These movements and/or poses done during a dance lift are illegal: sitting or lying on the other dancer's head; standing on the partner's back or shoulder; lifting the partner so that he or she is upside down, in a split pose; swinging the partner being lifted around; holding onto the partner's skates, boots, or legs without assistance from the other hand or leg.[10][9] There are no rules against a reverse rotational lift, in which the woman lifts the man.[5]

Dance spins

Jana Khokhlova and Sergei Novitski perform an upright/Biellmann spin
Jana Khokhlova and Sergei Novitski perform an upright/Biellmann spin

There are two types of dance spins: the spin and the combination spin.[11] The ISU defines a spin as "a spin skated by the Couple together in any hold".[12] The ISU also states, "It should be performed on the spot around a common axis on one foot by each partner simultaneously".[12] The combination spin is defined as "a spin performed as above after which one change of foot is made by both partners simultaneously and further rotations occur".[3] The solo spin, or pirouette, is allowed and defined as "a spinning movement performed on one foot",[12] with or without the partner's assistance, performed by both partners at the same time but around separate centers. The ISU accepts dance spin variations or combinations, and announces them at the beginning of each season.[4]

Dance spins have three positions. The upright position is done on one foot with the skating leg slightly bent or straight and with the upper body upright, bent to the side, or with an arched back. The sit position is done on one foot, with "the skating leg bent in a one-legged crouch position and with the free leg forward, either to the back or the side".[3] The camel position is done on one foot, with "the skating leg straight or slightly bent forward, and with the free leg extended or bent forward horizontally or higher".[3][note 1]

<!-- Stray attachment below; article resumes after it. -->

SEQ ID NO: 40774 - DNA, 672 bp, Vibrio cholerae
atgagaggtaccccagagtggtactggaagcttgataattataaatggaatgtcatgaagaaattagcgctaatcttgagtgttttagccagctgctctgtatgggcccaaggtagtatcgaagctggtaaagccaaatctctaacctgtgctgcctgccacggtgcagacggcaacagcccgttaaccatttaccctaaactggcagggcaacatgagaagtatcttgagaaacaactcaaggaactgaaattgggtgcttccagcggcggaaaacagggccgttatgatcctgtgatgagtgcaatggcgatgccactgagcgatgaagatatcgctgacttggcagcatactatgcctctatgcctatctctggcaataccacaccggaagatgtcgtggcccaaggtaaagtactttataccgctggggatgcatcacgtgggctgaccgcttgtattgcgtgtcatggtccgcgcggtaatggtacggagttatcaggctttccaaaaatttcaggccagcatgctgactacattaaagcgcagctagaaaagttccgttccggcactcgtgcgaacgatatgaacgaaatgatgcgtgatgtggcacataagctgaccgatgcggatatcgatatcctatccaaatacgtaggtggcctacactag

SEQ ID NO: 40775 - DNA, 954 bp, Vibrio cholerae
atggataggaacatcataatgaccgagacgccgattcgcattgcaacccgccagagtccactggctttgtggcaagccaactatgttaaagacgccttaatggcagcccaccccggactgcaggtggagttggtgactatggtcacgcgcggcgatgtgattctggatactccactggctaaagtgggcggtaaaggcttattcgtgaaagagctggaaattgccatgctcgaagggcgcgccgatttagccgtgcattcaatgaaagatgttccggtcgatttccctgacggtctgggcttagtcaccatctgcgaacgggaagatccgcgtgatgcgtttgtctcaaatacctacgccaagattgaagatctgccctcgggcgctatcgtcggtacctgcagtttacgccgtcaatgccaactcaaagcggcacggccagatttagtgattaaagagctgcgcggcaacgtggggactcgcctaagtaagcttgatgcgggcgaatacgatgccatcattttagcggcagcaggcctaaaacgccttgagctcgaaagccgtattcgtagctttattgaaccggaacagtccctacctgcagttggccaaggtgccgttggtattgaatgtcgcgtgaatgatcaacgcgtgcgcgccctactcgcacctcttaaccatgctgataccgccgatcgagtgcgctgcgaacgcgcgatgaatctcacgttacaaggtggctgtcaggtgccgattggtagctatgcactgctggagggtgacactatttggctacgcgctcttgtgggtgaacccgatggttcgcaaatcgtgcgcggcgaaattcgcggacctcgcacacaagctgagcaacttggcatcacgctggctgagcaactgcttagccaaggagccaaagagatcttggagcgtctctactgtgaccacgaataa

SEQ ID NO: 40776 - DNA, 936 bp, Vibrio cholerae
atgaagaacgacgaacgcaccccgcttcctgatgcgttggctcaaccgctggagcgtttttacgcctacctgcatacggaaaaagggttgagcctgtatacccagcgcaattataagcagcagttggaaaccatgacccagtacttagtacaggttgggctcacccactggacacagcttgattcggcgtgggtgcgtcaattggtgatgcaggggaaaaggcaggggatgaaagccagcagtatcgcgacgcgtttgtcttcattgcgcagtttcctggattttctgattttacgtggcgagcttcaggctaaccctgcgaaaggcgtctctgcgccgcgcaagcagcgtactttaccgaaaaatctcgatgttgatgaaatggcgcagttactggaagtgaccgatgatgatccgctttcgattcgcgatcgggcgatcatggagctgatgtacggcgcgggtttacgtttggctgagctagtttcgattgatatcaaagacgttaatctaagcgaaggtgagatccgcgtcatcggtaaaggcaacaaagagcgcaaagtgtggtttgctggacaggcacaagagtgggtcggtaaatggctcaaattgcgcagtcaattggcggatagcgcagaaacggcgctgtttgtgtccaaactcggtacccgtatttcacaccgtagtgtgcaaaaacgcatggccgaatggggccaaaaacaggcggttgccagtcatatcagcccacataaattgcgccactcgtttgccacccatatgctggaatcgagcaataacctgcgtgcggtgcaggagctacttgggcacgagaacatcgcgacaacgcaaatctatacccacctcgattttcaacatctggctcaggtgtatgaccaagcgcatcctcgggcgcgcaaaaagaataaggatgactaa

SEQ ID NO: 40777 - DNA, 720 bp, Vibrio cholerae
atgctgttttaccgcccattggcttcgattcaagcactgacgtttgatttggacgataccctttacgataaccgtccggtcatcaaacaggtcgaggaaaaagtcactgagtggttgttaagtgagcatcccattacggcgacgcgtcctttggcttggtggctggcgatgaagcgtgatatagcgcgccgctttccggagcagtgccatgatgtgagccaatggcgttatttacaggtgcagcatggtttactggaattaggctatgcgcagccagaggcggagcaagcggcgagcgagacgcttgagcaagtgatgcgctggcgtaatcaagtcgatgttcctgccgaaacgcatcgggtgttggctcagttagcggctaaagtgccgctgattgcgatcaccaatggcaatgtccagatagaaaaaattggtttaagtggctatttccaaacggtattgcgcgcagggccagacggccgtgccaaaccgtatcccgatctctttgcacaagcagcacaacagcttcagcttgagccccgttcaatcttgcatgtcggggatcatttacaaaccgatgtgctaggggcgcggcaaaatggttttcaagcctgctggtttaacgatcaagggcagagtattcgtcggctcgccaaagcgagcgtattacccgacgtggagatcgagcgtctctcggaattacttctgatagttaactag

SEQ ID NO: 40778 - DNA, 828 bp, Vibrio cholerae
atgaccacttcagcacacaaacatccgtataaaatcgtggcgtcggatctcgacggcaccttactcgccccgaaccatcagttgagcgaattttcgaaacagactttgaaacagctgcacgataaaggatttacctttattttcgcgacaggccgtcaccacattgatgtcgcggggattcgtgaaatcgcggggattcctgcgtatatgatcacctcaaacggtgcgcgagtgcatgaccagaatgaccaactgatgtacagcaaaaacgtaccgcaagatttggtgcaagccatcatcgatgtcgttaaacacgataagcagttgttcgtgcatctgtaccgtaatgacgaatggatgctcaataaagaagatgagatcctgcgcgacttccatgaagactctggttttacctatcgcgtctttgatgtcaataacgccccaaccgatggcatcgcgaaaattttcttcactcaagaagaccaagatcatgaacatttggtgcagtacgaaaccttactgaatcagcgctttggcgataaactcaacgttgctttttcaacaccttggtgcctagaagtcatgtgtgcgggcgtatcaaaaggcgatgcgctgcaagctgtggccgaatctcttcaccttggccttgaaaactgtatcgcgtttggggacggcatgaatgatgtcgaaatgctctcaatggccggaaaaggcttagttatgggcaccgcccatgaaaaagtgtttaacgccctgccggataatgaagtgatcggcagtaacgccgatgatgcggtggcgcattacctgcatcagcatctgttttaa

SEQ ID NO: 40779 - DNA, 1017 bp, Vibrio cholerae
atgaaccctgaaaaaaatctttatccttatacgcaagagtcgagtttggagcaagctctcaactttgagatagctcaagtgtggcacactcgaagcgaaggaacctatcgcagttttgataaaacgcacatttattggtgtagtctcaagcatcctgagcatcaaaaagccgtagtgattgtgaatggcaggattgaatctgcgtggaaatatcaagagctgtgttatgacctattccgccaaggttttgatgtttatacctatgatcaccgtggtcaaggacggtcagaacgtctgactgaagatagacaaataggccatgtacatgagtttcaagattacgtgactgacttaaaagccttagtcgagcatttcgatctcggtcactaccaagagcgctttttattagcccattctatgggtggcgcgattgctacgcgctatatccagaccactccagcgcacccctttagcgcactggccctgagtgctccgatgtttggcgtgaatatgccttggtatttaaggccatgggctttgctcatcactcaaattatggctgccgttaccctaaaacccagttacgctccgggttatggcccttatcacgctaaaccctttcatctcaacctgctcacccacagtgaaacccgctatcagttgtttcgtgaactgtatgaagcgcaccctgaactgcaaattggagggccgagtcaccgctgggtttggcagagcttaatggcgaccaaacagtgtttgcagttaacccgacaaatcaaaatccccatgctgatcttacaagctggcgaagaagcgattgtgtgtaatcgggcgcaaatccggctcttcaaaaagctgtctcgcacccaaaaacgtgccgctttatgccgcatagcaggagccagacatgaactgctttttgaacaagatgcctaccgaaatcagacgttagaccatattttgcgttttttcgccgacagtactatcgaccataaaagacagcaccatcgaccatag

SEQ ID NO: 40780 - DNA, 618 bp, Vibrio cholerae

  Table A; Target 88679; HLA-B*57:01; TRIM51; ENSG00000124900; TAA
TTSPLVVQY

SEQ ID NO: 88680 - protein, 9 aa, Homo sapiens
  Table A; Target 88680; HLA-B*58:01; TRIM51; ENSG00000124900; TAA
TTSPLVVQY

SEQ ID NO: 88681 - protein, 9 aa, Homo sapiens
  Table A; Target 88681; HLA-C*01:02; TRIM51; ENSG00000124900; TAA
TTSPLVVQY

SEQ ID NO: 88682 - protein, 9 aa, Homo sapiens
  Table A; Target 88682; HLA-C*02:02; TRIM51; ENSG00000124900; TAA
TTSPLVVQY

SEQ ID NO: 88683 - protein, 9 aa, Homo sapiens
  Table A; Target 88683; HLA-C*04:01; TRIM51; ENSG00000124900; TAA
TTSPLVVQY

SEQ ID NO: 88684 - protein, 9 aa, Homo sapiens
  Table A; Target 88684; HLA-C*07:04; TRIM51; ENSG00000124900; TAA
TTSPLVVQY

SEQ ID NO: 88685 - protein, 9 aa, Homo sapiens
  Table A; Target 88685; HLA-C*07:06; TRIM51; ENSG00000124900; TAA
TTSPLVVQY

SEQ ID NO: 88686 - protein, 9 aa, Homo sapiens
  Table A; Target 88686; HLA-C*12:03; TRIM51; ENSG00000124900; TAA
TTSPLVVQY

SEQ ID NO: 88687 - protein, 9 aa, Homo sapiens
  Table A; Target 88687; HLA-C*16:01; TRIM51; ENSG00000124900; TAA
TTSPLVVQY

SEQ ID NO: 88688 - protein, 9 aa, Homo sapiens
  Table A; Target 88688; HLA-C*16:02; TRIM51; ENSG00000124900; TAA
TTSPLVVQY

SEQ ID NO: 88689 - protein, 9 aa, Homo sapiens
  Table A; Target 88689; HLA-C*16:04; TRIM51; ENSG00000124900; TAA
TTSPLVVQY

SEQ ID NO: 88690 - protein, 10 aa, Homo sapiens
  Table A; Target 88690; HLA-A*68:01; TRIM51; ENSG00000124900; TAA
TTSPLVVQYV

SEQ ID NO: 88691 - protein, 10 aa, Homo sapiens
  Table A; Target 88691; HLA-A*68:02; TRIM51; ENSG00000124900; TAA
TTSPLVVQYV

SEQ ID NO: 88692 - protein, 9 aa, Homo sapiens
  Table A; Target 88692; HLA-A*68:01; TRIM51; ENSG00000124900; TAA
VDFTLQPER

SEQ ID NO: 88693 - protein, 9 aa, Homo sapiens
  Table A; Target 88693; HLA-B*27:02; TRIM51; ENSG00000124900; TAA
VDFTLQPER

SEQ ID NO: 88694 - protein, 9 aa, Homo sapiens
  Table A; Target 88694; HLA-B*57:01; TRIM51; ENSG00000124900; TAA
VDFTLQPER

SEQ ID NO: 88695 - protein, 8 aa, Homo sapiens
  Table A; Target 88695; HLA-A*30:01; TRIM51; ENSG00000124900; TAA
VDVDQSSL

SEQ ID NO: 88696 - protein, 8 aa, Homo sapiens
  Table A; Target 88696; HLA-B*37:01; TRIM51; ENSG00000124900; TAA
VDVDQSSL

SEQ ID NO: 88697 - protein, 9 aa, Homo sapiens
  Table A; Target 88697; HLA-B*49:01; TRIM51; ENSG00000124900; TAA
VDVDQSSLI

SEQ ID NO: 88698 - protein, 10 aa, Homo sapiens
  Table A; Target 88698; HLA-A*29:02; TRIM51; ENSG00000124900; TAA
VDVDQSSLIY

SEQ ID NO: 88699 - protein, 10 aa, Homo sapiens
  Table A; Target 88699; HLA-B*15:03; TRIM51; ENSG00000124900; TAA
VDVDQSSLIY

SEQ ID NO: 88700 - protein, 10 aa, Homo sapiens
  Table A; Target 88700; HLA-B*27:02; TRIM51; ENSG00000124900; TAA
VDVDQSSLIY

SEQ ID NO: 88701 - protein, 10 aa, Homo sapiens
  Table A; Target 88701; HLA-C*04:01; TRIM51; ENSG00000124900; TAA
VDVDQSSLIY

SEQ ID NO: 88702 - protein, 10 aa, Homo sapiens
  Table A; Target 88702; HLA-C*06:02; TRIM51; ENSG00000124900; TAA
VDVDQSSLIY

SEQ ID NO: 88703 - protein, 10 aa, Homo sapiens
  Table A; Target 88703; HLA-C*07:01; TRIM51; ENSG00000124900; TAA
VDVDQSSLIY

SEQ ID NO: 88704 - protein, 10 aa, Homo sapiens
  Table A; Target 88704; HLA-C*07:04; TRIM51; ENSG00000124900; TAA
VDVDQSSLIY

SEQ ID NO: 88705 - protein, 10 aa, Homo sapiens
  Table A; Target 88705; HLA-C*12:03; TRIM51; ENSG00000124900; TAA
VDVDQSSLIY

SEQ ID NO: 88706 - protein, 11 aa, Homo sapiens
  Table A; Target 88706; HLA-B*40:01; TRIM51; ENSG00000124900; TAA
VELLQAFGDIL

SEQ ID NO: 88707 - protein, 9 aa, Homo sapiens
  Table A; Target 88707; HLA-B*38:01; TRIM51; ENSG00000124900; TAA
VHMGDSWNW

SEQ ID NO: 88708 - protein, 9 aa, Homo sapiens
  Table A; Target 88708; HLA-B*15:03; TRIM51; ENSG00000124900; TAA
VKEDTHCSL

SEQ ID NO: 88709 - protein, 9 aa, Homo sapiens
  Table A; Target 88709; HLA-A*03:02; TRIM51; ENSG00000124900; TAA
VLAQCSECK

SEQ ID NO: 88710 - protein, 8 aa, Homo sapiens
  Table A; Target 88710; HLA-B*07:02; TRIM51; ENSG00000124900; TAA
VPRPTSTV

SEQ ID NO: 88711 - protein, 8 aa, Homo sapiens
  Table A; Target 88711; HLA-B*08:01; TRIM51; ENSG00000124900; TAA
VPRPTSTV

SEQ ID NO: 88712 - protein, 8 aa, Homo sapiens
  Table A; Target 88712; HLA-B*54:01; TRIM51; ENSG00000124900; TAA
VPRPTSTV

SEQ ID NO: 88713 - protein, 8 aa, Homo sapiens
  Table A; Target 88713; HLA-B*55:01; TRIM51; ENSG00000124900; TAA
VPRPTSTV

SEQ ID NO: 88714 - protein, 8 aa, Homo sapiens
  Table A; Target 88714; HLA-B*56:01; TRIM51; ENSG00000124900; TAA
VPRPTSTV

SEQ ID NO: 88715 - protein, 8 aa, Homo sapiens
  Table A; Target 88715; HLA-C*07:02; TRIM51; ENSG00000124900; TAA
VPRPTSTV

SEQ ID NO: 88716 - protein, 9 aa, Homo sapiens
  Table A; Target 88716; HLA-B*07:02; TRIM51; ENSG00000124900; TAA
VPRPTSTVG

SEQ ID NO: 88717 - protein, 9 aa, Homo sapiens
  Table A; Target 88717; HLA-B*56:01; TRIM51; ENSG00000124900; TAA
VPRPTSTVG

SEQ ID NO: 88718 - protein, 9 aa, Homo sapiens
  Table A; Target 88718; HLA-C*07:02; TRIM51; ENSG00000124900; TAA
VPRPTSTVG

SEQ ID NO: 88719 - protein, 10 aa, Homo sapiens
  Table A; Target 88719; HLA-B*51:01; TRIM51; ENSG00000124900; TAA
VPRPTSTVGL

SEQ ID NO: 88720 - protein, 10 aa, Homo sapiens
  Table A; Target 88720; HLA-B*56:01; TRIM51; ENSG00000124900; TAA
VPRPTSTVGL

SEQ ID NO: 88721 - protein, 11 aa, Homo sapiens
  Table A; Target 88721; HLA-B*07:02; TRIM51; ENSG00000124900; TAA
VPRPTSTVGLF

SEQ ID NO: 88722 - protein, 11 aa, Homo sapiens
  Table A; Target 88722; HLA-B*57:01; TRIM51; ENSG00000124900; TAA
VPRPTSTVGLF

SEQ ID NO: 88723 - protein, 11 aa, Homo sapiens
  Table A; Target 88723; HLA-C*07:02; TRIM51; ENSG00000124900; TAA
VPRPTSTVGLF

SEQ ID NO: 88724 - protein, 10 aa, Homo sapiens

Step sequences

Tessa Virtue and Scott Moir perform part of a step sequence during a short program
Tessa Virtue and Scott Moir perform part of a step sequence during a short program

The ISU defines a step sequence as "a series of prescribed or un-prescribed steps, turns and movements".[13] Step sequences have three divisions: types, groups, and styles.[13]

There are two types of step sequences: not-touching or in hold. Not-touching step sequences must include matching and/or mirror footwork; both ice dancers must skate as close to each other as possible, not more than two arm lengths apart, without touching, except when they are skating turns and edges in opposite directions for short distances. The dancers can switch from mirror to matching footwork, and vice versa, and they can cross each other's tracings (marks made in the ice by the skates). Step sequences in hold must be performed in any dance holds or any variation of dance holds, and must not last over one measure of music.[13]

Types of step sequences are separated into four Groups, based upon their difficulty. Group A includes straight line step sequences: the midline, which is performed along the ice surface's full length, on its long axis; and the diagonal, which is performed from corner to corner, as fully as possible. Group B includes three curved step sequences. The circular, which is performed on the rink's entire width, on its short axis, can skated either clockwise or counterclockwise. The serpentine, which must be performed along the full length of the rink, can be done in either a clockwise or counterclockwise direction at the rink's long axis, at one end, and then progresses in either two or three S-shaped bold curves, ending up at the other end of the rink. Group C consists of partial step sequences: the pattern dance type sequence, which can be done anywhere on the ice and follows the chosen pattern dance; and the one foot step sequence, which is skated on one foot by each partner, separately, in hold, or at the same time. Group D consists of a combination step sequence, an element in which skaters must perform one-foot turns simultaneously but not touch each other, plus any step sequence in Groups A or B. Both juniors and seniors must include the combination step sequence in their free dances, but can choose any steps they like, as long as they are done simultaneously. The ISU describes and announces any variation of combination of Groups or the creation of other groups in an ISU Communication.[14][15]